In 1962, President John F. Kennedy boldly proclaimed the nation’s goal of landing a man on the moon. Seven years later, America made it happen.
In 2017, Soccer Shots used Kennedy’s speech for its own inspiration.
“Our ‘we choose to go to the moon’ moment was when we said that, in five years, we want to serve a million unique children in a calendar year,” said Chief Executive Officer Justin Bredeman. “And we want to do that in the year 2022.”
Soccer Shots is an athletic program for children ages 2 through 8, designed to introduce them to basic soccer skills and character development. Though its roots are deeply embedded in local turf, this company currently operates 192 franchises across 36 states and Canada.
Currently, Soccer Shots serves around 250,000 to 300,000 children a year. In order to reach 1 million by 2022, they’ll need to double their current numbers, and then double them again. But, for those at Soccer Shots, this is one goal they’re determined to score.
The initial idea of Soccer Shots, born by Messiah College graduates Jason Webb and Jeremy Sorzano, was to fill a void in athletic education for young children.
Webb, now the vice president of strategic partnerships, and Sorzano began their venture as a side hustle to make some money and engage young kids in a sport that they love.
“It’s everybody’s game, but it’s always been a great game for little kids to start with,” Webb said. “And kids as young as age 2 or 3 can do soccer. We were really the first organization to professionalize and package our program, and we put it together and scaled it.”
Webb and Sorzano pitched their program to local daycares and, to their surprise, found immediate success. The pair began to dive in deep, developing their simple idea into an organization that was, at the time, completely original.
“It was something that wasn’t being done,” Webb said. “We discovered that it could be done, and it worked. And parents loved it and wanted it and kids did too.”
Concurrently, they continued to play soccer professionally for North Carolina’s Charlotte Eagles. Eventually, Sorzano stayed to run the program in North Carolina and Webb moved back to central Pennsylvania to play for the Harrisburg Heat. It was at this time that Harrisburg became home to Soccer Shots headquarters—otherwise known as Webb’s kitchen counter.
Fast-forward to 2005, and Soccer Shots made its first headshot into the world of franchising. It was then that Bredeman, college teammate and friend to Webb and Sorzano, brought his franchising background to the business as Soccer Shots expanded its reach to Cleveland, Philadelphia, Lancaster and Miami.
Through its immense growth over the past two decades—growth that recently led the company to build a new, 16,000-square-foot headquarters just outside Harrisburg—Soccer Shots has evolved, systemized and improved the curriculum taught by coaches. But through it all, the founders have remained firm in their belief that sports should be a foundation for positive character development.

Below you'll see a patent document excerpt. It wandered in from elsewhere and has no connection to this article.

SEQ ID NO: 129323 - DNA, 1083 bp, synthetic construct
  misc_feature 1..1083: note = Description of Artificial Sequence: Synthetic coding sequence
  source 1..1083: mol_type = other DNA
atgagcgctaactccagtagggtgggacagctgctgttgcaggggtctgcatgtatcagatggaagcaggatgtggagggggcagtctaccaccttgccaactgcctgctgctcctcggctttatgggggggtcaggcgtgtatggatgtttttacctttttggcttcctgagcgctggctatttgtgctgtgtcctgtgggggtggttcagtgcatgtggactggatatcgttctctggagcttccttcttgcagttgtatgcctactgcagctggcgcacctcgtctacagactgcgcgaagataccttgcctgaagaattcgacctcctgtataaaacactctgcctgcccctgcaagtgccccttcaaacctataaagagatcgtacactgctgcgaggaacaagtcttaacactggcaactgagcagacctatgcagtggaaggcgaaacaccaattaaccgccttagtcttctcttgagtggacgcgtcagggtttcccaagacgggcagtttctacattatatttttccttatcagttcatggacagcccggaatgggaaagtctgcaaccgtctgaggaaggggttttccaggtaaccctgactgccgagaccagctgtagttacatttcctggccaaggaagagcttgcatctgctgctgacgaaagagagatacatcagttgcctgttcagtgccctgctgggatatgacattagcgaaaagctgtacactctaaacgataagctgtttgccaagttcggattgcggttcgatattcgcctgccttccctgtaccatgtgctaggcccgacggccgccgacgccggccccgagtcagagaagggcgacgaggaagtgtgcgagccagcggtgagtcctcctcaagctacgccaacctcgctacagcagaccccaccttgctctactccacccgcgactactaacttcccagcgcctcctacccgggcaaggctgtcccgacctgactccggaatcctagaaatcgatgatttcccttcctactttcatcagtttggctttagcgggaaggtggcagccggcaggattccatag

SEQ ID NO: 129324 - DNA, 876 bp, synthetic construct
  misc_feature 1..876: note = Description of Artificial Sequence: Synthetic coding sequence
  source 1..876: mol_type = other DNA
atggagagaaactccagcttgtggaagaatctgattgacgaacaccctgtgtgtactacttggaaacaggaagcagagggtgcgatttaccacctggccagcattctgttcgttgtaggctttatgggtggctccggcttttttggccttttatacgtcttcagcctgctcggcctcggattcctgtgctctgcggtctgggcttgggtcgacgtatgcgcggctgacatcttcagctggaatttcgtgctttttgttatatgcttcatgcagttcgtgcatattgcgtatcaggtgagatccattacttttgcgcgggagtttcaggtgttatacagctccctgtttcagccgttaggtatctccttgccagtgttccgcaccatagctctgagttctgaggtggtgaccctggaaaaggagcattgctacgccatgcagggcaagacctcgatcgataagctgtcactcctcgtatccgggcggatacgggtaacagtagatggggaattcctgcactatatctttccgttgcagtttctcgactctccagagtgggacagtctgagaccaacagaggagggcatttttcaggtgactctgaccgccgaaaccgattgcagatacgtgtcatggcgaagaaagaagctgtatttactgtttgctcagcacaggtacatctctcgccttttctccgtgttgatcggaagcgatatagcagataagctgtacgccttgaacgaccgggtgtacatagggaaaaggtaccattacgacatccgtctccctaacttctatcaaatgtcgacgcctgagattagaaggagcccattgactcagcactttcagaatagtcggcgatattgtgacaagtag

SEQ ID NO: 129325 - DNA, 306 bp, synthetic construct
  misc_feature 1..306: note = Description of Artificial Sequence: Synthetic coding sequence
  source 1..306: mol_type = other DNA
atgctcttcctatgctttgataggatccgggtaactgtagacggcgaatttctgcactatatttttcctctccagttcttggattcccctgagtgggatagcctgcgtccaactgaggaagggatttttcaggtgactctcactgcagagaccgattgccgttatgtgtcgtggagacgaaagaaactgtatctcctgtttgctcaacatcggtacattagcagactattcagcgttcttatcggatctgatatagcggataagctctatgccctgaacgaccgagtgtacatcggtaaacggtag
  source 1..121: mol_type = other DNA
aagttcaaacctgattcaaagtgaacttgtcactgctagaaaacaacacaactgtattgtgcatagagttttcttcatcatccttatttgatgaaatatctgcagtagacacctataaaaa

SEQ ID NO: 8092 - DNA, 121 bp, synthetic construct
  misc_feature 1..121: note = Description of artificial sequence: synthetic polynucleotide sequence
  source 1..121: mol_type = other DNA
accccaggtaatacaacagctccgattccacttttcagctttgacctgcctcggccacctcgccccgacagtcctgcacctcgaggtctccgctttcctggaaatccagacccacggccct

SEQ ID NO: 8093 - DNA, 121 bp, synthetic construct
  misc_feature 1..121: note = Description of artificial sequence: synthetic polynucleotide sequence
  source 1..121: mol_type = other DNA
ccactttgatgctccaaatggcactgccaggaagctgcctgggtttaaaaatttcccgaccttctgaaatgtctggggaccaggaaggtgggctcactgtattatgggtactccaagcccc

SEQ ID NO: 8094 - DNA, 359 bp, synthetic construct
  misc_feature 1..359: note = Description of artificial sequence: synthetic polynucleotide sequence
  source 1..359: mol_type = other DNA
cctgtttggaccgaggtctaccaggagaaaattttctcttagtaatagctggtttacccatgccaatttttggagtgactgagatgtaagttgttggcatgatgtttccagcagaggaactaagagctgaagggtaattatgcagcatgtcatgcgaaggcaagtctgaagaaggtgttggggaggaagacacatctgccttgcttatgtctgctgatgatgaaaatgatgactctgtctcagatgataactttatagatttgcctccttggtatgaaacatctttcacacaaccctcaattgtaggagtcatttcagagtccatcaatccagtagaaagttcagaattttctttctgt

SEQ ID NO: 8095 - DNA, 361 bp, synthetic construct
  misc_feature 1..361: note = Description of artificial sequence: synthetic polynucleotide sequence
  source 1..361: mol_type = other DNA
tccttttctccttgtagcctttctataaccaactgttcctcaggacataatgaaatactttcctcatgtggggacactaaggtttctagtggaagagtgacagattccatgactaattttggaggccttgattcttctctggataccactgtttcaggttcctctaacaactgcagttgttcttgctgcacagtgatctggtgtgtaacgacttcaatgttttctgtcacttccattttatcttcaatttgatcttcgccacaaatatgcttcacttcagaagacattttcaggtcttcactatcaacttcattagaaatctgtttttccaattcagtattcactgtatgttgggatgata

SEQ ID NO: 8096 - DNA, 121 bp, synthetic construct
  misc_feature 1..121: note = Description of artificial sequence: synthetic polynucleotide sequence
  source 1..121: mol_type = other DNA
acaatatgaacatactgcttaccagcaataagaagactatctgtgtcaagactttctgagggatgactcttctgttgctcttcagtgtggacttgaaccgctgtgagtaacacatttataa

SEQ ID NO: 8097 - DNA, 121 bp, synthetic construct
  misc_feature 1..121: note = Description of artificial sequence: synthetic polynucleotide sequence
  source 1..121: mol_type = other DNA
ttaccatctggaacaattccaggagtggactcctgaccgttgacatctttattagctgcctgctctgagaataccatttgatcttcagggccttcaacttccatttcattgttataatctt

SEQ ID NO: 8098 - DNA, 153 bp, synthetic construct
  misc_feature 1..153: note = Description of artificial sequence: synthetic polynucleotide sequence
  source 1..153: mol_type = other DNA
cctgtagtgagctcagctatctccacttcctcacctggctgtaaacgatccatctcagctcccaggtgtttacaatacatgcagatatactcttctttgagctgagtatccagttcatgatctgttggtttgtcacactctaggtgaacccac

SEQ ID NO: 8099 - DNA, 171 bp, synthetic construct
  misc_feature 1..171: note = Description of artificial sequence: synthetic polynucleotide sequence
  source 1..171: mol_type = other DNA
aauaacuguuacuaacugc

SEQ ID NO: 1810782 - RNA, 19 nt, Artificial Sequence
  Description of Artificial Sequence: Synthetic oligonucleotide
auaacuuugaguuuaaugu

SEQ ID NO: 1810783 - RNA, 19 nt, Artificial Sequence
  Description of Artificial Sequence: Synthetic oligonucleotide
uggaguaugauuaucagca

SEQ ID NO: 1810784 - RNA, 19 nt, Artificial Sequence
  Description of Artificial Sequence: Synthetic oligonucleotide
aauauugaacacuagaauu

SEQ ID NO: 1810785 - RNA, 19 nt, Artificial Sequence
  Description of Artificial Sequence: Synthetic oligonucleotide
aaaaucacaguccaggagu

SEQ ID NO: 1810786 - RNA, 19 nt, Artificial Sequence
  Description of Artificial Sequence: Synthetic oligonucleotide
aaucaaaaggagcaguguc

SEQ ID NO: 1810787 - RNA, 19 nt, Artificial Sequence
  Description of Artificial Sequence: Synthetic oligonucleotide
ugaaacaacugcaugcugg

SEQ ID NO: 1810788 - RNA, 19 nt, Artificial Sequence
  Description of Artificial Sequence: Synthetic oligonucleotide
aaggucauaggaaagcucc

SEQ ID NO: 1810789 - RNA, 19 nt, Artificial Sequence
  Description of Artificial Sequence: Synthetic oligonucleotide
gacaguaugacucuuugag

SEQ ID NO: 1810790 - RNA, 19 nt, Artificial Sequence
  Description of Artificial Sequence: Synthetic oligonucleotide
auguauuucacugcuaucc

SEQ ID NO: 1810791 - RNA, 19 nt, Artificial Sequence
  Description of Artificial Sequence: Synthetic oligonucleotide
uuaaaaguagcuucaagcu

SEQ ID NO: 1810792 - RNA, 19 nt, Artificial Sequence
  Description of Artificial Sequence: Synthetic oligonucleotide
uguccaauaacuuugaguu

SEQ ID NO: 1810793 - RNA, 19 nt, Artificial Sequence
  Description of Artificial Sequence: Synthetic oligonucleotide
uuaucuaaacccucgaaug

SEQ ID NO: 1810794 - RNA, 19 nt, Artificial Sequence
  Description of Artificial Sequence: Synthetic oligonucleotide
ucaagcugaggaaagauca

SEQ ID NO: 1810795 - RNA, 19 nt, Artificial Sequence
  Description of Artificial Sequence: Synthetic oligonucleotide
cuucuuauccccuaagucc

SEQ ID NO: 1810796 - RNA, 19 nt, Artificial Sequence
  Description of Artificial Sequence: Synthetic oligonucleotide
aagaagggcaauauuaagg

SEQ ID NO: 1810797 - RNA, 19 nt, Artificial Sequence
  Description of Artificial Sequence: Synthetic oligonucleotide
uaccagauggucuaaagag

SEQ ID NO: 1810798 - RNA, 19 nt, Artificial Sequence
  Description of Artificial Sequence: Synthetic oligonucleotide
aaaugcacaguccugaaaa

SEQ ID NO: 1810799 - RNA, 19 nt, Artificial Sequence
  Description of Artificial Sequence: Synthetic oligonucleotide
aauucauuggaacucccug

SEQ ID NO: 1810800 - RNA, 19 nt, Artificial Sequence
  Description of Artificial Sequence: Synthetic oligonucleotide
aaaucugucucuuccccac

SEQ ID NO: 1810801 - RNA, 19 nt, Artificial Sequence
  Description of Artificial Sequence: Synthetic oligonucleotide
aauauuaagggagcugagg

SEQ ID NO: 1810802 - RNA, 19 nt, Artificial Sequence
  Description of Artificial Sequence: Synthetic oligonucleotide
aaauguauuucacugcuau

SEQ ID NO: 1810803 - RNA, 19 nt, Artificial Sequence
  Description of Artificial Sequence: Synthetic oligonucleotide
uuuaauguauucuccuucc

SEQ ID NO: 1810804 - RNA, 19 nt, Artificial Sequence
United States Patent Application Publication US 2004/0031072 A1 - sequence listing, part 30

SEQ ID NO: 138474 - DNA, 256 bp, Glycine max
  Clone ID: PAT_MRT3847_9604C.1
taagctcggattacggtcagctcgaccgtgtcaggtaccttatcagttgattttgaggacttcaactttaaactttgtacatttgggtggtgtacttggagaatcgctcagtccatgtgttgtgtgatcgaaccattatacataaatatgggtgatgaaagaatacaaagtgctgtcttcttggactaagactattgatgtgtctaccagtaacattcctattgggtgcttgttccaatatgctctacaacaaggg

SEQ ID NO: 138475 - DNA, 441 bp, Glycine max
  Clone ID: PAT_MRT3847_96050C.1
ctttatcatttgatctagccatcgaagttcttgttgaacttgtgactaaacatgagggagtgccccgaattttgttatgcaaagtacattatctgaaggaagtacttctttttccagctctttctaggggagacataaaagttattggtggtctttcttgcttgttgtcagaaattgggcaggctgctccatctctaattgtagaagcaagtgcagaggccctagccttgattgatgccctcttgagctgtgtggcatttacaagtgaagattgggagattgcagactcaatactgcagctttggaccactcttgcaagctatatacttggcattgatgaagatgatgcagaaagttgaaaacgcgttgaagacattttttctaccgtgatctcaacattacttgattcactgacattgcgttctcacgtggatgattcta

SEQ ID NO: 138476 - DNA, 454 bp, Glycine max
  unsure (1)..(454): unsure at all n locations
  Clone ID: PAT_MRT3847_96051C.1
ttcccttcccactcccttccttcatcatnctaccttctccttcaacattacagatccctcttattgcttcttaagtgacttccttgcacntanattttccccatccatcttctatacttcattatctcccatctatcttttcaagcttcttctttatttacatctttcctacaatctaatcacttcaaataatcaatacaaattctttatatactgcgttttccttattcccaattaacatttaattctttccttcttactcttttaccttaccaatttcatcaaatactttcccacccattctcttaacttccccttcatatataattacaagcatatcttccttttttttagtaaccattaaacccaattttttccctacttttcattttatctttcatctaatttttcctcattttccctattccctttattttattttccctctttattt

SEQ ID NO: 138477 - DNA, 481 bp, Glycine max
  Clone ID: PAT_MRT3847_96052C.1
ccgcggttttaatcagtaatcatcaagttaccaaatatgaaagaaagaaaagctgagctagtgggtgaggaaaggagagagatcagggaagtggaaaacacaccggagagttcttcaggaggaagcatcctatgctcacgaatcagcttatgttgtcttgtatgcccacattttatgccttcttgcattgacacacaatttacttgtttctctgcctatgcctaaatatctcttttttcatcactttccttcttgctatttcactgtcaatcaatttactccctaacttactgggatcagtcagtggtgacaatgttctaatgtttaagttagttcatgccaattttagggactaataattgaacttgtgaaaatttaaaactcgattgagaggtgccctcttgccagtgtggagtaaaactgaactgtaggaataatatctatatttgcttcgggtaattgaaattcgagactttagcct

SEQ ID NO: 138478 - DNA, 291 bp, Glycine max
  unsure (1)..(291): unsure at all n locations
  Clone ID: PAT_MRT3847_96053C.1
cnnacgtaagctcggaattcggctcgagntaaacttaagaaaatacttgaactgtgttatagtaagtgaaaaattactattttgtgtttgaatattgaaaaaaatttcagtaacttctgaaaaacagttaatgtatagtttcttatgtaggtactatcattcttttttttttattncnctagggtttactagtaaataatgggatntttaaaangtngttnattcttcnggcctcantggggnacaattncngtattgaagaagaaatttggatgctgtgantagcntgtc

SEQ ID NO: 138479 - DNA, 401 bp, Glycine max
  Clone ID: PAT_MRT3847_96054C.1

Amongst drills, passes and kicks, the Soccer Shots curriculum is built to encourage personal growth, emphasizing ideals like respect, sportsmanship and courage.
“You don’t have to be all grown up to learn what’s right and what’s wrong or what it means to demonstrate and live out good character,” Webb said.
And, in an effort to practice what they preach, Soccer Shots began to partner with the U.S. Soccer Foundation in 2010 to give back to underserved communities and families that may not be able to afford such programs.
Bredeman acknowledges that Soccer Shots serves primarily middle- to upper-middle-class families. But, because the partners understand the importance that sports has on the physical and mental growth of a child, they’re committed to sponsoring events hosted by the U.S. Soccer Foundation, as well as supporting soccer pitches constructed through the program “Safe Places to Play.”
As the company works toward a lofty goal of serving 1 million children, Bredeman said they’re staying focused on Soccer Shots’ vision statement: “To provide a beloved growth experience for every child, a remarkable experience for every family.”
Taking those words to heart, Soccer Shots is looking to achieve its goal in both quantity and quality.
“We need to have as many children as we can to have a positive experience, but it can’t be at the expense of a depth of experience,” Bredeman said. “But I truly believe that, if you do sport right, there is no reason why every kid shouldn’t have a positive experience with sport.”
For more information about Soccer Shots, visit www.soccershots.org.